Tuesday, October 25, 2011

Adorno on popular music

I am working on the Wikipedia book, and starting with pre-1960s attitudes about high and low culture, i.e. those pre-contemporary prejudices to which the whole Web 2.0 world-view is utterly opposed.  I discussed Reith's view in an earlier post.

The Marxist sociologist Theodor Adorno (1903-1969) cannot be left out here. Adorno was passionate about music as a child, growing up in a wealthy and cultured family. He came to the United States in 1939 to join the Princeton University Radio Research Project as chief of the music division. The project was funded by the Rockefeller Foundation, for understanding the effects of mass media on society.

Adorno was highly critical of the effects of popular music. One of his essays is here, where he tries to capture the difference between highbrow and lowbrow music.  There are two. The first is 'standardisation'.  He makes the interesting point that the difference between high and low is not simply a matter of complexity and simplicity.
All works of the earlier Viennese classicism are, without exception, rhythmically simpler than stock arrangements of jazz. Melodically, the wide intervals of a good many hits such as Deep purple* or Sunrise Serenade are more difficult to follow per se than most melodies of, for example, Haydn, which consist mainly of circumscriptions of tonic triads and second steps.
However, the complicated in popular music never functions as "itself" but only as a disguise or embellishment behind which the scheme can always be perceived. The whole structure of popular music is standardized, "even where the attempt is made to circumvent standardization".
Standardization extends from the most general features to the most specific ones. Best known is the rule that the chorus consists of thirty two bars and that the range is limited to one octave and one note. The general types of hits are also standardized: not only the dance types, the rigidity of whose pattern is understood, but also the "characters" such as mother songs, home songs, nonsense or "novelty" songs, pseudo-nursery rhymes, laments for a lost girl. Most important of all, the harmonic cornerstones of each hit — the beginning and the end of each part — must beat out the standard scheme. This scheme emphasizes the most primitive harmonic facts no matter what has harmonically intervened. Complications have no consequences. This inexorable device guarantees that regardless of what aberrations occur, the hit will lead back to the same familiar experience, and nothing fundamentally novel will be introduced.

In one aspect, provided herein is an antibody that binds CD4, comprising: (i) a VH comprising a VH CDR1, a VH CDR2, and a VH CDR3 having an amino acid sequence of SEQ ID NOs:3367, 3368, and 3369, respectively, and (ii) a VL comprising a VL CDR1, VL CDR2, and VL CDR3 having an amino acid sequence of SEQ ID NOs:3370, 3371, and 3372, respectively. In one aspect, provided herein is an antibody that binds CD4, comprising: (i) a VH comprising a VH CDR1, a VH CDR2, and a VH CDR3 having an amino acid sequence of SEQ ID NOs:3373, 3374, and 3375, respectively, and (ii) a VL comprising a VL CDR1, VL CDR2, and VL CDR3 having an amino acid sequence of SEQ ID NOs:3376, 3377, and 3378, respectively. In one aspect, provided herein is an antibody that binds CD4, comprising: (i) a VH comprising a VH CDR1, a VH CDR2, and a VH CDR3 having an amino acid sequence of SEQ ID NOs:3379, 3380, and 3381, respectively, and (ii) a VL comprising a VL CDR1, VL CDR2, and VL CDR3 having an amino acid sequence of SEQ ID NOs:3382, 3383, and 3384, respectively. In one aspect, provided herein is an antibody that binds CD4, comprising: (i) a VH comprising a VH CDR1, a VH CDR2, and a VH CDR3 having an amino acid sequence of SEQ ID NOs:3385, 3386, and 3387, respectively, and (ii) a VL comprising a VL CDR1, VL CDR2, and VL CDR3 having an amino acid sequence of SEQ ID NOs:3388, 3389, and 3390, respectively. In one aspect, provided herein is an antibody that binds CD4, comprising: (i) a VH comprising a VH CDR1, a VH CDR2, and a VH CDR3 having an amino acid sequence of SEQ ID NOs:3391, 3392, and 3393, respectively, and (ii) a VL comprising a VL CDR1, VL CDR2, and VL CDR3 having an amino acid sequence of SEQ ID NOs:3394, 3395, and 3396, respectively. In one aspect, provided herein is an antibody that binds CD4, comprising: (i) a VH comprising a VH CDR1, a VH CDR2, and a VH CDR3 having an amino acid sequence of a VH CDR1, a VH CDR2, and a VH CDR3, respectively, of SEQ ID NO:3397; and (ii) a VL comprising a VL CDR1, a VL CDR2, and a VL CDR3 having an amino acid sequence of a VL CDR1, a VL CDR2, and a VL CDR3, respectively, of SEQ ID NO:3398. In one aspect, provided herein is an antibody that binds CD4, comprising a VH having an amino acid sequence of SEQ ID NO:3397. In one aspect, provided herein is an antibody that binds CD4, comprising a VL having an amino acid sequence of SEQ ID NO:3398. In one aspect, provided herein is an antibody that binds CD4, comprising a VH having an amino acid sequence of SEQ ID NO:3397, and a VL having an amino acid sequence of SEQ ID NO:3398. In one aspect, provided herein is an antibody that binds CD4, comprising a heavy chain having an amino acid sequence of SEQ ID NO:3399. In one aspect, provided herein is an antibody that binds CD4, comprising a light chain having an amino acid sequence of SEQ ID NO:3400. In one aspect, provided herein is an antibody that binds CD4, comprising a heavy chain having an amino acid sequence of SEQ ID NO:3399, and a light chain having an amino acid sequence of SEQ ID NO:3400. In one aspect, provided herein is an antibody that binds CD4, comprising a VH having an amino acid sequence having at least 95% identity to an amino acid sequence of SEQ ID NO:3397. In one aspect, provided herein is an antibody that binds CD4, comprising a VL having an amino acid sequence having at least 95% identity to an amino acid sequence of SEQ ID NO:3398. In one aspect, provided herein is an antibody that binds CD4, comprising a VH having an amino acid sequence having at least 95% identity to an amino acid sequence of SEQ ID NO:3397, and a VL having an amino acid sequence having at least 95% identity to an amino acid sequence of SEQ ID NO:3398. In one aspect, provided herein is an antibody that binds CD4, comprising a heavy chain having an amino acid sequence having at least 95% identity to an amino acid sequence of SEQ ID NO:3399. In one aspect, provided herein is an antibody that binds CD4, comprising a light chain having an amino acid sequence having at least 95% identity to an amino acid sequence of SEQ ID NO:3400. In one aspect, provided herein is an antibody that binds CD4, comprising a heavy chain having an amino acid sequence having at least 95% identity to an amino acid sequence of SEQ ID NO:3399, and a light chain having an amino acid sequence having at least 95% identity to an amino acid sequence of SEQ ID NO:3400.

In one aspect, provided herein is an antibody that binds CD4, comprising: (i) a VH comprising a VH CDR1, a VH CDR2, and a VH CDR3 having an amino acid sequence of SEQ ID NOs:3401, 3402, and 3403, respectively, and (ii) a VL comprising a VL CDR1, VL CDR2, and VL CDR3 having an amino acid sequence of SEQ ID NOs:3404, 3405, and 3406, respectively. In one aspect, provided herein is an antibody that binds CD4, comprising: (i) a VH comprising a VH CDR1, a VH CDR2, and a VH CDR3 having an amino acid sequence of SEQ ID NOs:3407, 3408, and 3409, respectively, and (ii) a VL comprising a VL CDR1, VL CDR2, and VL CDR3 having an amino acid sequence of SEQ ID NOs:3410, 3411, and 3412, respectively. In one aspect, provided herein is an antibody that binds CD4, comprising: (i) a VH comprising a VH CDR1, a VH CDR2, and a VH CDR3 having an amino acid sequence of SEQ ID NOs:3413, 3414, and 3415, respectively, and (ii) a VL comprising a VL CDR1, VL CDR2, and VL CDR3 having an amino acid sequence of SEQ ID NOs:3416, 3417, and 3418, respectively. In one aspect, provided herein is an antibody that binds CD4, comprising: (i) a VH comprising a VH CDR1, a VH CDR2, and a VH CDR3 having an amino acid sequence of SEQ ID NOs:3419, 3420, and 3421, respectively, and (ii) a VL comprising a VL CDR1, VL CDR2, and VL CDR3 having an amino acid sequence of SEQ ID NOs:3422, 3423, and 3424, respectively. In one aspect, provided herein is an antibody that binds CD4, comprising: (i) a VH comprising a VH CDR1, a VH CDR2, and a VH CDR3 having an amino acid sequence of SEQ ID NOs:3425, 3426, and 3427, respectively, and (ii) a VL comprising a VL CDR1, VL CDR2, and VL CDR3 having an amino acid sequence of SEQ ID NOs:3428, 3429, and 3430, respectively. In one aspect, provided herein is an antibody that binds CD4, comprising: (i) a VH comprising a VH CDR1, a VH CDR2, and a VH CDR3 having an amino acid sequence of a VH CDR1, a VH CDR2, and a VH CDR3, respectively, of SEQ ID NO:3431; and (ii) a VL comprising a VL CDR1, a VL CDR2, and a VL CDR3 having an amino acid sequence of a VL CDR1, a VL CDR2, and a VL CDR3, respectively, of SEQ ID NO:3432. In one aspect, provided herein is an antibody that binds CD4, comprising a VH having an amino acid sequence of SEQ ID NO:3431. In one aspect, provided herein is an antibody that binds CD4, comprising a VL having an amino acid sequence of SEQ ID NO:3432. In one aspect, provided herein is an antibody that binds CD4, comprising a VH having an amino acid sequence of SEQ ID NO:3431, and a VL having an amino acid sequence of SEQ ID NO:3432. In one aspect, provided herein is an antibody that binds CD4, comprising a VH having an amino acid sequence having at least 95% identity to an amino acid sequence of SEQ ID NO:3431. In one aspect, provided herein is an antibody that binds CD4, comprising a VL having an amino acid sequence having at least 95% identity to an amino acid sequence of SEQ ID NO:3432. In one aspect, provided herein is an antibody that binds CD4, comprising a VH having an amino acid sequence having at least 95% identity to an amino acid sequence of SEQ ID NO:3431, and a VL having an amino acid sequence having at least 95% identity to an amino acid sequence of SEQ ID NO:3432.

'Serious' music, by contrast, is an organised whole in the context of which every detail must be understood, and which is never the simple enforcement of a musical schema. This cannot happen with popular music. No removal of detail affects its musical sense.

The second feature which distinguished the popular from the serious is pseudo-individualisation.  More later.

* The song from which the hideous rock group took their name.

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